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Oklahoma Governor Orders Health Department to Stop Issuing Nonbinary Birth Certificates

The executive order conflicts with the department’s settlement agreement resulting from a federal lawsuit in October

Oklahoma Governor J. Kevin Stitt issued an executive order instructing the State Department of Health (OSDH) to cease providing nonbinary birth certificates. 

Stitt said the intention of his Nov. 8 order is to ensure “that this unauthorized action will be corrected.” 

Citing the power granted to him by the Oklahoma Constitution, Stitt ordered OSDH to stop amending birth certificates in a manner inconsistent with state law and remove all references to the practice from its website. He also told the department to inform his office of any pending litigation related to the issue of amending birth certificates. 

Lastly, Stitt urged lawmakers to “immediately pass legislation that will clarify … that changes in sex or gender on a birth certificate or a designation of non-binary is contrary to Oklahoma law.” 

The order comes one month after OSDH issued the first nonbinary birth certificate in state history to Kit Lorelied. 

“Having a birth certificate that matches my identity means that the government respects my right to exist without having to hide who I am,” Lorelied told NonDoc via email in October. “It means that I can be treated with the dignity that any citizen deserves.”

The revised birth certificate resulted from a lawsuit Lorelied filed against OSDH’s commissioner of health and registrar of vital records on Aug. 14, 2020.

Initially, OSDH sent a letter to Lorelied that stated, “‘Non-binary’ is not an option in Oklahoma for birth records. If you choose to amend your birth record to reflect male, the order will need to be modified to reflect that and then we will need a certified copy of that order.”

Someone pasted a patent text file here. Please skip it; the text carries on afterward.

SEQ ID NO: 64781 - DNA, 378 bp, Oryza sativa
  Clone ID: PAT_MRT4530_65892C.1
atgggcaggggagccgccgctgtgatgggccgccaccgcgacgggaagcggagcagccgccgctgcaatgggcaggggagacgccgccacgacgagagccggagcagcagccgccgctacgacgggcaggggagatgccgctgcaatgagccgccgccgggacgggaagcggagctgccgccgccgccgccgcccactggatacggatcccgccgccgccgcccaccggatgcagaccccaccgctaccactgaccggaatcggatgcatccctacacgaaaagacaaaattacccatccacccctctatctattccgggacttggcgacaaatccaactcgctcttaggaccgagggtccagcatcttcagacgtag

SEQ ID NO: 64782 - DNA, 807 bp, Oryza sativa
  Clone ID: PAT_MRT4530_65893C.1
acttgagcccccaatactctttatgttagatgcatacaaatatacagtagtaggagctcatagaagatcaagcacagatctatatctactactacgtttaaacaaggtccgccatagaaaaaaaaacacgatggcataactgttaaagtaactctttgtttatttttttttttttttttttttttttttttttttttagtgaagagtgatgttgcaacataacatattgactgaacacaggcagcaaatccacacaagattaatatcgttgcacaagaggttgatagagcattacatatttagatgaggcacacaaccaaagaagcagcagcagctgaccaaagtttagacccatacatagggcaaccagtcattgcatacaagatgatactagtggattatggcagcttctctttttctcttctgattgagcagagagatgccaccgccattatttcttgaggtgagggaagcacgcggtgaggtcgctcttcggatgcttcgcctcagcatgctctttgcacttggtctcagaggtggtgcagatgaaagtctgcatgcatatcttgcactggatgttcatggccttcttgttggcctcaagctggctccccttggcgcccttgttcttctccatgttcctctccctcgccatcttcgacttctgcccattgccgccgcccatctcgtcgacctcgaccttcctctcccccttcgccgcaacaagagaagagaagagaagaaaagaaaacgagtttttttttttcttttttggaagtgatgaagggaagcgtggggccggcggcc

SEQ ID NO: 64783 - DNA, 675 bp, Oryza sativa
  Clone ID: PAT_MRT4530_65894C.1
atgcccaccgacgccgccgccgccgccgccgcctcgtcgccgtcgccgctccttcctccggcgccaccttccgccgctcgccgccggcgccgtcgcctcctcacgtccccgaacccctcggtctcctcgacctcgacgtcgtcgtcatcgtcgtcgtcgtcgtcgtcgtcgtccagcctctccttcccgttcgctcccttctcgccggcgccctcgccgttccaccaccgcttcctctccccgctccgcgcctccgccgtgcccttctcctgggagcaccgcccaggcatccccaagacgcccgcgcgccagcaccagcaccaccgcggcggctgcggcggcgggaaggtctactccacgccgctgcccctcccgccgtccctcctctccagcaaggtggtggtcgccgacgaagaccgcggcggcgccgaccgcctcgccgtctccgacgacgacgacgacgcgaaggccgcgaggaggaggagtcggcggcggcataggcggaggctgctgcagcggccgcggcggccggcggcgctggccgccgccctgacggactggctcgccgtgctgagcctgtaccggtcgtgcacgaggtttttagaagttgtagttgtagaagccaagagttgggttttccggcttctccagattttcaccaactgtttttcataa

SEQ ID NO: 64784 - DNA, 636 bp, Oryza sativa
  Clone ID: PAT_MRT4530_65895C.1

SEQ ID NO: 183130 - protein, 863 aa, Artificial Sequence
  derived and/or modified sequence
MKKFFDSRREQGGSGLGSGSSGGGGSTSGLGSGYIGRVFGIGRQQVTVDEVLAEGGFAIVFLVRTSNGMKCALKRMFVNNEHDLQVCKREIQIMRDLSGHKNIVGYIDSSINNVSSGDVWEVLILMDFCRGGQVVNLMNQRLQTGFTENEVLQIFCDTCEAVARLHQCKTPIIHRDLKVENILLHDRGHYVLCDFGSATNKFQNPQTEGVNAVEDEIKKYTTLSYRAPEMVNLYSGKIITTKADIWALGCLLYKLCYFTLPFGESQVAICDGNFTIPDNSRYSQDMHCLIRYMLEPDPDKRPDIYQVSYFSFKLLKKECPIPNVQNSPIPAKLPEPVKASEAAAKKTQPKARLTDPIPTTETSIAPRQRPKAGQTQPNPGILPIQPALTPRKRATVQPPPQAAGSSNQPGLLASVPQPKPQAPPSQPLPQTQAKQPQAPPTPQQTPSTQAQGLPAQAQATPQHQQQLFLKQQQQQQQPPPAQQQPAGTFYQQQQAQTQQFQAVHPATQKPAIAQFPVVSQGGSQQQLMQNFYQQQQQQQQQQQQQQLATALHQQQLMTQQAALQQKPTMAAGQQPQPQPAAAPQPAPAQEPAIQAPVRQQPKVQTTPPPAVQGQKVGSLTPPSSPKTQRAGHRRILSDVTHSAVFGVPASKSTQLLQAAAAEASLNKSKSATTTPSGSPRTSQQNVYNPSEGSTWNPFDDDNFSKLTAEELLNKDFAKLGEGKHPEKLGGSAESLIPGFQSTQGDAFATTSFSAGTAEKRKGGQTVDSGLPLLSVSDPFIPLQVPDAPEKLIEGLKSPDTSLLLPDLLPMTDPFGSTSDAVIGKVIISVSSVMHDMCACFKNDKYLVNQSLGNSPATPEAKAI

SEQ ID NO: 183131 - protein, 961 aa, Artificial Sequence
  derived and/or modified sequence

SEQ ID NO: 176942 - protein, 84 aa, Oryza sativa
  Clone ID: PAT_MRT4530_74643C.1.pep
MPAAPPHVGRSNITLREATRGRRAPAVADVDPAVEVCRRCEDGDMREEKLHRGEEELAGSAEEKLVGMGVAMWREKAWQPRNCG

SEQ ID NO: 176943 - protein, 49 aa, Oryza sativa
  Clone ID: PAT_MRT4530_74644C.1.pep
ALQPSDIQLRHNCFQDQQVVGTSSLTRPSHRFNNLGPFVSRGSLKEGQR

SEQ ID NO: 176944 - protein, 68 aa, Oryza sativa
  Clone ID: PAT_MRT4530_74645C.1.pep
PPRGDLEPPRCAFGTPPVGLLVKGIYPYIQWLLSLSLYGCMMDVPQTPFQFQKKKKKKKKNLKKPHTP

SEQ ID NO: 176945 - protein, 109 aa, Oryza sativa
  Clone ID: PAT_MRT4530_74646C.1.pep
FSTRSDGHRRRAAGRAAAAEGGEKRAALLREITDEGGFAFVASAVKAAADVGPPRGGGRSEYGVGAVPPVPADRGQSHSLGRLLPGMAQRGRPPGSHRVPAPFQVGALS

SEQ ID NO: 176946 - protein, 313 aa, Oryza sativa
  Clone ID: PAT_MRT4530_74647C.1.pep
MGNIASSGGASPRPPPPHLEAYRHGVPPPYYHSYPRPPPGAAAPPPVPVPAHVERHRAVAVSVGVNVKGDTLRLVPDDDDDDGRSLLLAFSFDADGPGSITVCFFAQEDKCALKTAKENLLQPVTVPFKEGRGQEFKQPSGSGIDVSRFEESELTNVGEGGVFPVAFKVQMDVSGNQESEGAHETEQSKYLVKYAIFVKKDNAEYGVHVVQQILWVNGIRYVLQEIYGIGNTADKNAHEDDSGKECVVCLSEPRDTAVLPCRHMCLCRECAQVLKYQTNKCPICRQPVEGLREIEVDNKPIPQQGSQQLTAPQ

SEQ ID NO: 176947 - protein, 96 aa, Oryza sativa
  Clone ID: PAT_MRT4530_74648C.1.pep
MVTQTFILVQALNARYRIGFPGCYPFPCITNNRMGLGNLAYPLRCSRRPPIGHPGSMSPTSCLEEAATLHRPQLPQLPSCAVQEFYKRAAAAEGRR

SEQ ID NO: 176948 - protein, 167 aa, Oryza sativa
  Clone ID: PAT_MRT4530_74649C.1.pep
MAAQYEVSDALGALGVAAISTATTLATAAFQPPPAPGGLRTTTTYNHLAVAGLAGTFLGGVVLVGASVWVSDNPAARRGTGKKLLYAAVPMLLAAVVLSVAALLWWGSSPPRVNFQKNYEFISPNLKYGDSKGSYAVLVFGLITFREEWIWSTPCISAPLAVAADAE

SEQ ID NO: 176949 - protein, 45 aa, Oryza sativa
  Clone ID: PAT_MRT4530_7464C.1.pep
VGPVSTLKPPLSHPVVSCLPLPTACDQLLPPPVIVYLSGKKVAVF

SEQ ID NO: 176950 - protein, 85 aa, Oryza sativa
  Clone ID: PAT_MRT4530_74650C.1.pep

In response to the lawsuit, which argued the denial of that change violated the U.S. Constitution, OSDH agreed to settle the suit and alter its practices. 

“Requirements for legally changing the sex designation on an Oklahoma birth certificate have changed,” Jackie Shawnee, chief of staff for the former Oklahoma commissioner of health, told NonDoc in a statement at the time. “In order to legally change the sex designation on an original Oklahoma birth certificate, you must obtain a court order from an Oklahoma court. A certified copy of this court order must be presented to [the] Oklahoma [Office of] Vital Records before an amended birth certificate can be issued.”

Stitt, however, maintains that the settlement agreement violates state law and “was not reviewed or approved by my administration.” 

The governor had previously voiced his opposition to nonbinary birth certificates in a statement released on Oct. 21:

“I believe that people are created by God to be male or female. Period. There is no such thing as non-binary sex and I wholeheartedly condemn the purported OSDH court settlement that was entered into by rogue activists who acted without receiving proper approval or oversight. … I will be taking whatever action necessary to protect Oklahoma values and our way of life.”

Lorelied, who describes themself as a “geeky trans nonbinary librarian,” took to Facebook on Nov. 10 to respond to Stitt’s executive order. 

“I wonder what there is about me that frightens people like Governor Stitt? And make no mistake, it is fear that backs their hateful rhetoric,” Lorelied said. “I will … see that bigots like you are removed from power. I will lift the voices of those that live in the intersection and by doing so delight in them drowning you and your hate out.” 

Lorelied continued: “You have won a small skirmish but you have not won the war. Be prepared. We are coming.” 

In a Facebook post the day before, Lorelied referred to Stitt as “the a—hole governor” who “is directly responsible for killing people.” 

OSDH did not immediately respond to a recent request for comment from The Hill. 

According to the Movement Advancement Project, 15 states currently allow people to select male, female or “X” gender on their birth certificate. Currently, only two states — West Virginia and Tennessee — do not allow gender markers on their birth certificates to be amended. 

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